The meaning of those verbs is in all cases very close


(Stanton) #11

[quote=“scherpschutter, post:8, topic:2378”]Vete is correct, as far as I know

Vayas con Dios is no Italian (in Italian this would be ‘Va con Dio’), I guess it was made up by an Italian who thought he knew Spanish. (A sort of Van Gaal German, so to speak)[/quote]

Of course it is not Italian.

And we call it Trapdeutsch, honoring by this the great Trapatoni, who redefined the German language and really became a cult figure among the linguists. Trapatoni was more influential than the last German spelling reform.

But still I’m wondering, why didn’t they simply “translate” it in Spain with vaya instead of vete?


(El Topo) #12

Andarse means something like go away, vanish, if you know what I mean.
Vaya con dios will mean go with with god, in a good way

So I guess that Vete con Dios will mean go off with God, or desappear from here or something like that.


(Phil H) #13

[quote=“scherpschutter, post:10, topic:2378”]They are imperatives of different verbs, if I’m not mistaken (as said I’m not an expert in Spanish):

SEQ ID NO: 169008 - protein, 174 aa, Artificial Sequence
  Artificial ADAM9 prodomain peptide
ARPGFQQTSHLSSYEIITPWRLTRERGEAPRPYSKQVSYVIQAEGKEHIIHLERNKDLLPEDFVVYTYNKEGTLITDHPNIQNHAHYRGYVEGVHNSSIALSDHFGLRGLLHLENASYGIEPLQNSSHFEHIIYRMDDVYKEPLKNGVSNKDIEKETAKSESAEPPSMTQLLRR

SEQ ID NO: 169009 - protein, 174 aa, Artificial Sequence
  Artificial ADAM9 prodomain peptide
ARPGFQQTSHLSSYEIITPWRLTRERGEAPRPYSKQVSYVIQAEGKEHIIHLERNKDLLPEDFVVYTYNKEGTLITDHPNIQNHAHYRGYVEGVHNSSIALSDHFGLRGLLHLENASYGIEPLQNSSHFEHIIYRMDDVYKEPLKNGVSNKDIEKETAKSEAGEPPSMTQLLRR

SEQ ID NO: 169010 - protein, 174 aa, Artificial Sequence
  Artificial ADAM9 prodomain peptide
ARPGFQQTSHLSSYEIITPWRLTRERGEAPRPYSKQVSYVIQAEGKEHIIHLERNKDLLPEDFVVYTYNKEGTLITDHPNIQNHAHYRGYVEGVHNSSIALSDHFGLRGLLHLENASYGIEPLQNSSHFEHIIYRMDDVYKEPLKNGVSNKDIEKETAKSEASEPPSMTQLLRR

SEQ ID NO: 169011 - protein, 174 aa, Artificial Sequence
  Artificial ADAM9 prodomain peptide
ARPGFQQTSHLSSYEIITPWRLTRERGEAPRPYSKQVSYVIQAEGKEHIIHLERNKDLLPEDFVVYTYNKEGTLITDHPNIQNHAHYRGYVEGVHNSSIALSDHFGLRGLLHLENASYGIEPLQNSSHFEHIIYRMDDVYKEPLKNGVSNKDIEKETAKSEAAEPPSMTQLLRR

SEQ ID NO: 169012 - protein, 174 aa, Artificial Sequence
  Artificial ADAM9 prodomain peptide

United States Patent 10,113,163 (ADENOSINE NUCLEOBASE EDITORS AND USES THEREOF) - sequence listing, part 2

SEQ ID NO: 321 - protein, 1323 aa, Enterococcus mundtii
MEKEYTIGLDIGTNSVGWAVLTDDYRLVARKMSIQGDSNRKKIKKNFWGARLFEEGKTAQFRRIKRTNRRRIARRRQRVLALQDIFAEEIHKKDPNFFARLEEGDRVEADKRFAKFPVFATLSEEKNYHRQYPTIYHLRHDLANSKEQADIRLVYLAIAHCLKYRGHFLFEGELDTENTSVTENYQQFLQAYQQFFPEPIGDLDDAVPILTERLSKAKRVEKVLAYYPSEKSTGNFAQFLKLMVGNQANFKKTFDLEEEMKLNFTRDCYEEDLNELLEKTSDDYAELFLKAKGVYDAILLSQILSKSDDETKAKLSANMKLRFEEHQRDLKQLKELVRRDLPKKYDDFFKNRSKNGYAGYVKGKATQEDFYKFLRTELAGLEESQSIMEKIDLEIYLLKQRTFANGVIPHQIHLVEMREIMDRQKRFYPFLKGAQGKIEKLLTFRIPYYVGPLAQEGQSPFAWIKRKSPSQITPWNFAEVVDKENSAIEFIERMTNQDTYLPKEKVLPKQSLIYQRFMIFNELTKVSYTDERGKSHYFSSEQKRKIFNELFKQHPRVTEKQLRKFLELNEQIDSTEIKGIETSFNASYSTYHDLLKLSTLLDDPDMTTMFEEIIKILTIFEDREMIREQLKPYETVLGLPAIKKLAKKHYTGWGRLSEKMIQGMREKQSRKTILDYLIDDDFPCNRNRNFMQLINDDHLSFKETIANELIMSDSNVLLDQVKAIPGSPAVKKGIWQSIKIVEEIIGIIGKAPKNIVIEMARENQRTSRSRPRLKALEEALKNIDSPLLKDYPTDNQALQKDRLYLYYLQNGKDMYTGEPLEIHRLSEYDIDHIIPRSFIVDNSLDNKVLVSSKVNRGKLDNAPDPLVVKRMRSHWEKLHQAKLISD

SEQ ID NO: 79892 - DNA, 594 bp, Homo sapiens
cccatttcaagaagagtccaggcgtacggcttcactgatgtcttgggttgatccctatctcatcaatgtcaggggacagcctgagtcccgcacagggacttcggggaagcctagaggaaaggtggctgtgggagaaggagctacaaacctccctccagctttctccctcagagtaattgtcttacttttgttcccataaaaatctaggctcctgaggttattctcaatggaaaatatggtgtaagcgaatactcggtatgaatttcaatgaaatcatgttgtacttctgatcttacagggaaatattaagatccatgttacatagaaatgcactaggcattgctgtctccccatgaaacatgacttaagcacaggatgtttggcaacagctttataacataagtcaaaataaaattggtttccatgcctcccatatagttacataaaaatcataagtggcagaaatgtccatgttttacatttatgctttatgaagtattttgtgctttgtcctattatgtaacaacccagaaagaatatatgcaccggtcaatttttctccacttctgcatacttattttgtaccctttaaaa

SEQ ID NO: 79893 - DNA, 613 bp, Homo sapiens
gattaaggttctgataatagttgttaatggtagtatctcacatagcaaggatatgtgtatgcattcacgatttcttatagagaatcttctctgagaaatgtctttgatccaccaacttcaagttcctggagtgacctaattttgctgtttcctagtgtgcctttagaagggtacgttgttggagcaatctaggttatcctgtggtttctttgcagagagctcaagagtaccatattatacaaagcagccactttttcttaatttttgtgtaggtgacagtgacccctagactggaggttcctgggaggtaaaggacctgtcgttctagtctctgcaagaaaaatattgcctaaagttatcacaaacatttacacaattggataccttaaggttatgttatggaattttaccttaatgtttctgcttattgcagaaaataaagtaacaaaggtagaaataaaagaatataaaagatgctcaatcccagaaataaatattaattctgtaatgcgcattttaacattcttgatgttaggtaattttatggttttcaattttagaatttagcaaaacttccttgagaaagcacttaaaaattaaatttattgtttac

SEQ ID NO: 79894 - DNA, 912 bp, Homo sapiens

Vaya from the verb ir

Vete from the verb andarse[/quote]

I’m afraid you are mistaken Scherp. Wow, I never thought I’d be correcting you on a matter of language :o

Vete is the familiar you (tu) imperative form of the verb irse which is, as I think Topo mentioned, to go away.
Vaya is the imperative form of ir (to go) in the third person singular or polite (usted) form of you.
Vayas is the present subjunctive of ir in the familiar form. Or, in the negative, can also be in the imperative. So for example. “Go with God” (in the polite form) would be Vaya con Dios. “Don’t go with God” (in the familiar form) would be No vayas con Dios. But Vayas in the imperative can only be used in the negative so either way, Vayas con Dios is incorrect grammar.